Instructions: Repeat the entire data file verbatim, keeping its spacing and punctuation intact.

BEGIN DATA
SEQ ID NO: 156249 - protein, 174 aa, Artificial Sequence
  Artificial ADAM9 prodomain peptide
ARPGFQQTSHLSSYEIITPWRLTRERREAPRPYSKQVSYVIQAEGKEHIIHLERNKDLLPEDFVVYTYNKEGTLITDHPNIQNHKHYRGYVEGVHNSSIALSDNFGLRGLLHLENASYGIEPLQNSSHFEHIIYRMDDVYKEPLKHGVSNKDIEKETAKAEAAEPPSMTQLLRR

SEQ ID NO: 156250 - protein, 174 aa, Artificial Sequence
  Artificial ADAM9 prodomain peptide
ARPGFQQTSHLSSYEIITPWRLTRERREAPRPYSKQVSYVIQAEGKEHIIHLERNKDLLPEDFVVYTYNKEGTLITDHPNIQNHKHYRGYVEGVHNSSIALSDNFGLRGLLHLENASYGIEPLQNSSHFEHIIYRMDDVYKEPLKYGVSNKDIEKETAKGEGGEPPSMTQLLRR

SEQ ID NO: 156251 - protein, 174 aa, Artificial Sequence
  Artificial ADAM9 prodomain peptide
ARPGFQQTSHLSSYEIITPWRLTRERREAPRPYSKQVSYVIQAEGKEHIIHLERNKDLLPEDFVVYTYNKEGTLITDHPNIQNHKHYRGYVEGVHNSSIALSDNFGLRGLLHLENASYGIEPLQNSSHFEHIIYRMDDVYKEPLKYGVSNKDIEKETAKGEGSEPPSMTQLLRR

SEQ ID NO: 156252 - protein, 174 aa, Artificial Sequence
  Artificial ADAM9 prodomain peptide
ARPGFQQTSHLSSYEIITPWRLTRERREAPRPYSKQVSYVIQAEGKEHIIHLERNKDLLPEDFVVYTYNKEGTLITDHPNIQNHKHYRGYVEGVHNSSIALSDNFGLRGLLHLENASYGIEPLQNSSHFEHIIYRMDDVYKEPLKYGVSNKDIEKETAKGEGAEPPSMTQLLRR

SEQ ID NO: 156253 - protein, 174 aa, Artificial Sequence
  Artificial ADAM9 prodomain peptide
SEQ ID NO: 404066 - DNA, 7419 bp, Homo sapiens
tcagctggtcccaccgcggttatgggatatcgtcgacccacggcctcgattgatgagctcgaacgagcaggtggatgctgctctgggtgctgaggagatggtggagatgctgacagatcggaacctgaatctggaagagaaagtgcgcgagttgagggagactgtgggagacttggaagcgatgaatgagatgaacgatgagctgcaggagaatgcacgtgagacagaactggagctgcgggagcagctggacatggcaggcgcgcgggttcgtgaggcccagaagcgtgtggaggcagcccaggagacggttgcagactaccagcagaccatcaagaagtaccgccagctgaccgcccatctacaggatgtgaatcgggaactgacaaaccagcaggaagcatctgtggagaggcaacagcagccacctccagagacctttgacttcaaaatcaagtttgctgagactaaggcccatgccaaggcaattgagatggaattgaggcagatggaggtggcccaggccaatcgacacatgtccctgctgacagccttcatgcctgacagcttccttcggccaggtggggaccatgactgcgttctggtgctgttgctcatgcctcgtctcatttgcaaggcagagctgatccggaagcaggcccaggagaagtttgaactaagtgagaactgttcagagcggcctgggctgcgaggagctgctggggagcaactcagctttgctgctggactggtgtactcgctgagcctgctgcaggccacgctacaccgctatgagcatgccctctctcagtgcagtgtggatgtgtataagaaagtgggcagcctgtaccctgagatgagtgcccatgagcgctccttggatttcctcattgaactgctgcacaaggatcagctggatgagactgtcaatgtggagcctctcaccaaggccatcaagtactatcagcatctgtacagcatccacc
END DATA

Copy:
SEQ ID NO: 156249 - protein, 174 aa, Artificial Sequence
  Artificial ADAM9 prodomain peptide
ARPGFQQTSHLSSYEIITPWRLTRERREAPRPYSKQVSYVIQAEGKEHIIHLERNKDLLPEDFVVYTYNKEGTLITDHPNIQNHKHYRGYVEGVHNSSIALSDNFGLRGLLHLENASYGIEPLQNSSHFEHIIYRMDDVYKEPLKHGVSNKDIEKETAKAEAAEPPSMTQLLRR

SEQ ID NO: 156250 - protein, 174 aa, Artificial Sequence
  Artificial ADAM9 prodomain peptide
ARPGFQQTSHLSSYEIITPWRLTRERREAPRPYSKQVSYVIQAEGKEHIIHLERNKDLLPEDFVVYTYNKEGTLITDHPNIQNHKHYRGYVEGVHNSSIALSDNFGLRGLLHLENASYGIEPLQNSSHFEHIIYRMDDVYKEPLKYGVSNKDIEKETAKGEGGEPPSMTQLLRR

SEQ ID NO: 156251 - protein, 174 aa, Artificial Sequence
  Artificial ADAM9 prodomain peptide
ARPGFQQTSHLSSYEIITPWRLTRERREAPRPYSKQVSYVIQAEGKEHIIHLERNKDLLPEDFVVYTYNKEGTLITDHPNIQNHKHYRGYVEGVHNSSIALSDNFGLRGLLHLENASYGIEPLQNSSHFEHIIYRMDDVYKEPLKYGVSNKDIEKETAKGEGSEPPSMTQLLRR

SEQ ID NO: 156252 - protein, 174 aa, Artificial Sequence
  Artificial ADAM9 prodomain peptide
ARPGFQQTSHLSSYEIITPWRLTRERREAPRPYSKQVSYVIQAEGKEHIIHLERNKDLLPEDFVVYTYNKEGTLITDHPNIQNHKHYRGYVEGVHNSSIALSDNFGLRGLLHLENASYGIEPLQNSSHFEHIIYRMDDVYKEPLKYGVSNKDIEKETAKGEGAEPPSMTQLLRR

SEQ ID NO: 156253 - protein, 174 aa, Artificial Sequence
  Artificial ADAM9 prodomain peptide
SEQ ID NO: 404066 - DNA, 7419 bp, Homo sapiens
tcagctggtcccaccgcggttatgggatatcgtcgacccacggcctcgattgatgagctcgaacgagcaggtggatgctgctctgggtgctgaggagatggtggagatgctgacagatcggaacctgaatctggaagagaaagtgcgcgagttgagggagactgtgggagacttggaagcgatgaatgagatgaacgatgagctgcaggagaatgcacgtgagacagaactggagctgcgggagcagctggacatggcaggcgcgcgggttcgtgaggcccagaagcgtgtggaggcagcccaggagacggttgcagactaccagcagaccatcaagaagtaccgccagctgaccgcccatctacaggatgtgaatcgggaactgacaaaccagcaggaagcatctgtggagaggcaacagcagccacctccagagacctttgacttcaaaatcaagtttgctgagactaaggcccatgccaaggcaattgagatggaattgaggcagatggaggtggcccaggccaatcgacacatgtccctgctgacagccttcatgcctgacagcttccttcggccaggtggggaccatgactgcgttctggtgctgttgctcatgcctcgtctcatttgcaaggcagagctgatccggaagcaggcccaggagaagtttgaactaagtgagaactgttcagagcggcctgggctgcgaggagctgctggggagcaactcagctttgctgctggactggtgtactcgctgagcctgctgcaggccacgctacaccgctatgagcatgccctctctcagtgcagtgtggatgtgtataagaaagtgggcagcctgtaccctgagatgagtgcccatgagcgctccttggatttcctcattgaactgctgcacaaggatcagctggatgagactgtcaatgtggagcctctcaccaaggccatcaagtactatcagcatctgtacagcatccacc